Review: The Ten Thousand Doors of January by Alix E. Harrow

The Ten Thousand Doors of January by Alix E. Harrow // VBC Review

The Ten Thousand Doors of January
Alix E Harrow
Published: September 10, 2019 (Redhook)
Purchase at: Amazon
Review Source: Copy provided by the publisher in exchange for an honest review

Reviewed by: Amy

Rating (out of 5): 4 stars

January Scaller grew up as the ward of Mr. Locke, a collector of rare and unique artifacts. Instead of feeling the wealth and privilege of the world in which she resides, she always felt like one of her guardian’s curiosities. Part of his collection. January knows nothing of her mother and only sees her father on the rare occasion that he’s back from whatever adventure Mr. Locke sent him on in his need to acquire more.

January’s world is changed on the day she discovers a Door—not to be confused with a door mind you. Upon opening the Door, the world literally opens for her, but she quickly learns there are those who would close all the Doors forever. When she later discovers a book that unravels the mysteries of the Doors, January will set out on a quest to find what she’s lost and maybe something she’s yet to find.

The Ten Thousand Doors of January is a sprawling book. Simultaneously traversing land and countries, worlds and mythologies. It has an almost circular pattern of storytelling to it, as January discovers a book that seemingly describes the various possibilities of Doors, yet it also manages to tie into January’s own sense of self-discovery, then uses that same discovery to continue the momentum of the story moving forward.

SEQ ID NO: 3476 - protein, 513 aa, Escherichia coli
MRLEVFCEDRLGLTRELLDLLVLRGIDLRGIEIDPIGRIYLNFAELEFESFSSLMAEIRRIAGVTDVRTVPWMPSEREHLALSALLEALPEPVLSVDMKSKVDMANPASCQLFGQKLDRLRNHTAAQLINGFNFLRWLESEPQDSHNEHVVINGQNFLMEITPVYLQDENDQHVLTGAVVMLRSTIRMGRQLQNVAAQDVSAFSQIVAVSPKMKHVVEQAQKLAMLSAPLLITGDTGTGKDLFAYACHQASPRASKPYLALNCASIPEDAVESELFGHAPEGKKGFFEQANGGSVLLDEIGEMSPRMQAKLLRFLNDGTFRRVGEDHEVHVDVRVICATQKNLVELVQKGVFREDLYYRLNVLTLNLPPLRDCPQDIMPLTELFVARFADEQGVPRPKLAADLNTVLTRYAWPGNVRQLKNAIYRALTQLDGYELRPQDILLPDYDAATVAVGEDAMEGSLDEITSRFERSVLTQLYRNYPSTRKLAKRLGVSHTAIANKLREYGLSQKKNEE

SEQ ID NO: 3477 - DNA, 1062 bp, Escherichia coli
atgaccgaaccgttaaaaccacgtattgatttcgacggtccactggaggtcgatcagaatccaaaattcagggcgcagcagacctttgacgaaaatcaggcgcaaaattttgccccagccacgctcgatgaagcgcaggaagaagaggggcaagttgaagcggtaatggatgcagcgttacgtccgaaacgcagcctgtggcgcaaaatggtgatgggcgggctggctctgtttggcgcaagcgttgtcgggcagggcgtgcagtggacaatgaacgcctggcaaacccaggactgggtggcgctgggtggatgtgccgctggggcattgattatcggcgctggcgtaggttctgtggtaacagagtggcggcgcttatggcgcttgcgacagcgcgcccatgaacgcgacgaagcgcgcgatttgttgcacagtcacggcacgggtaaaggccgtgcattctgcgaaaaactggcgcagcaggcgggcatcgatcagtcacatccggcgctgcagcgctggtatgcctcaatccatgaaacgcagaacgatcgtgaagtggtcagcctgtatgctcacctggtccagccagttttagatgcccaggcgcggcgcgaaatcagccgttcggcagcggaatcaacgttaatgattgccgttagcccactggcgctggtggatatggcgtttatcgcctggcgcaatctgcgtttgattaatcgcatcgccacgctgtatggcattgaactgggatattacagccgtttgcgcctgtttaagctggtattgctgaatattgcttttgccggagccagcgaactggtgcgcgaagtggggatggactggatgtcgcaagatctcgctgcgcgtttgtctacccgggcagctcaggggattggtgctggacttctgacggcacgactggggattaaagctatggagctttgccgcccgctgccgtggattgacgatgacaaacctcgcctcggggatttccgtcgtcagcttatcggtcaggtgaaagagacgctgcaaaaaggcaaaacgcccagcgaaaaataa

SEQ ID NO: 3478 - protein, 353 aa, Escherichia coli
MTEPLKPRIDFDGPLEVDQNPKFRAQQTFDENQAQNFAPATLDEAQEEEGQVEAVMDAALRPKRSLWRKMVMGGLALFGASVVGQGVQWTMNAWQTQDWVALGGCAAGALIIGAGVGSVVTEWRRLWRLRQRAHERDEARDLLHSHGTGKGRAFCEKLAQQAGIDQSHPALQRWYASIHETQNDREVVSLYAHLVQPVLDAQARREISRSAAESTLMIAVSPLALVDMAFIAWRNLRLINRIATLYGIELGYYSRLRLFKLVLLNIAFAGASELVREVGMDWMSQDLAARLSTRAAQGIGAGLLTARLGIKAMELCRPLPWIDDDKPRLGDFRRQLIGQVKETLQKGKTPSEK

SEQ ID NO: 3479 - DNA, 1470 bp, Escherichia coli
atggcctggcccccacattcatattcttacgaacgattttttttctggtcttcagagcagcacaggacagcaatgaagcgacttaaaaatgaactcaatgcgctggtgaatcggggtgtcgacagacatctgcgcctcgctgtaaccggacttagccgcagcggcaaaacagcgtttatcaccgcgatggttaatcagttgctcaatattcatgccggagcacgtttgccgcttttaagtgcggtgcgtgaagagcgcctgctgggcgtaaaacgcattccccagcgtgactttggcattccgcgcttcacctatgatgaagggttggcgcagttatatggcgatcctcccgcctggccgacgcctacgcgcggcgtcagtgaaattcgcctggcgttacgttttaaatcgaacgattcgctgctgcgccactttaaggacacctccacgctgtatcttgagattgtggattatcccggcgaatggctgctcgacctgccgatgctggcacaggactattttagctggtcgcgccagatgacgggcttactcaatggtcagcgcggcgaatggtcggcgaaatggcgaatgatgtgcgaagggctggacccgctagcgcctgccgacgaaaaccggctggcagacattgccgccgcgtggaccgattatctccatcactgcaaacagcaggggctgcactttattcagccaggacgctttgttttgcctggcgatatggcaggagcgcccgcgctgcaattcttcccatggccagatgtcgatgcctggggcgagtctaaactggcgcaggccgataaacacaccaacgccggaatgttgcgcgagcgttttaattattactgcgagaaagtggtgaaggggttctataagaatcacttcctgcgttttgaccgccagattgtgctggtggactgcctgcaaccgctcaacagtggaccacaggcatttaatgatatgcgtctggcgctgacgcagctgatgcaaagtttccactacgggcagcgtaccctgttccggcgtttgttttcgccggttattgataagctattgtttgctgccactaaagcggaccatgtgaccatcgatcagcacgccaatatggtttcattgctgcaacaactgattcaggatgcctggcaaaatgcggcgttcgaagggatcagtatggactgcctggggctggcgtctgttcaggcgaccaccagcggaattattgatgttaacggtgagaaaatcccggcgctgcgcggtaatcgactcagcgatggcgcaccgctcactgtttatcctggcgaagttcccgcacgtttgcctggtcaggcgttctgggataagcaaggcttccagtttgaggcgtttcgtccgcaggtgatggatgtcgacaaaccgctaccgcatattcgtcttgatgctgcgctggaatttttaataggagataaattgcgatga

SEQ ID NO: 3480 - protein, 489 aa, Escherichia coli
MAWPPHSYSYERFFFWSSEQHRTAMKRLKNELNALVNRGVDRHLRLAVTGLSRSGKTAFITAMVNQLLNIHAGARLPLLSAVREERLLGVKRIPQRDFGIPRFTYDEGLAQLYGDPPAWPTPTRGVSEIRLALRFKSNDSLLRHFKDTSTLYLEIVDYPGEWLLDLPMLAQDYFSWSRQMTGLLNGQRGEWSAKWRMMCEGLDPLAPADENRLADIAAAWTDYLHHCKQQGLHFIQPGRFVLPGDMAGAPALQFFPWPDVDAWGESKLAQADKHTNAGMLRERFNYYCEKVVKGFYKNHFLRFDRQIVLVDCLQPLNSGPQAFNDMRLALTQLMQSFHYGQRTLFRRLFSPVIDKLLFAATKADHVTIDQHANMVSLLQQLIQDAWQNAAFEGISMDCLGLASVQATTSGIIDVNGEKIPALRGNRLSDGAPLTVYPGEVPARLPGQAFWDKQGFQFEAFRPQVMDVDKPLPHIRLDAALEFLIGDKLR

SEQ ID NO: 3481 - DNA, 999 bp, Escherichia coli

I loved the idea of Doors as not just a threshold that one walks through, but something that can also be an event or a person. An object or place or whatever that can change and alter you, for better or worse, in an undeniable way. Alix Harrow does a great job of making this concept very easily accessible to the reader.

There’s a back and forth narrative going on throughout most of Ten Thousand Doors. First, is January’s own story, and second, once the book is discovered we get alternating chapters verbatim as though we were reading along with January. It’s an interesting writing technique and overall I liked it, but there were times that I’d get going in one narrative and the switch would pull me out too easily. Even further, I’d sometimes confuse what was happening with January with what she was reading in the book. Looking back, and based on events that occur, I think this was strategic planning on Alix Harrow’s part, but at the time, again, it was something that pulled me out of my reading trance.

But seriously, what a book to get yourself lost in. I’m writing this review almost right after finishing the book, and all I can think about is going back in, discovering new worlds. I mean isn’t that why we read in the first place, to be transported? If you’re looking for a story that knows the power of words and the transcendence of love, you’ve certainly found it with The Ten Thousand Doors of January.

Content: Kissing

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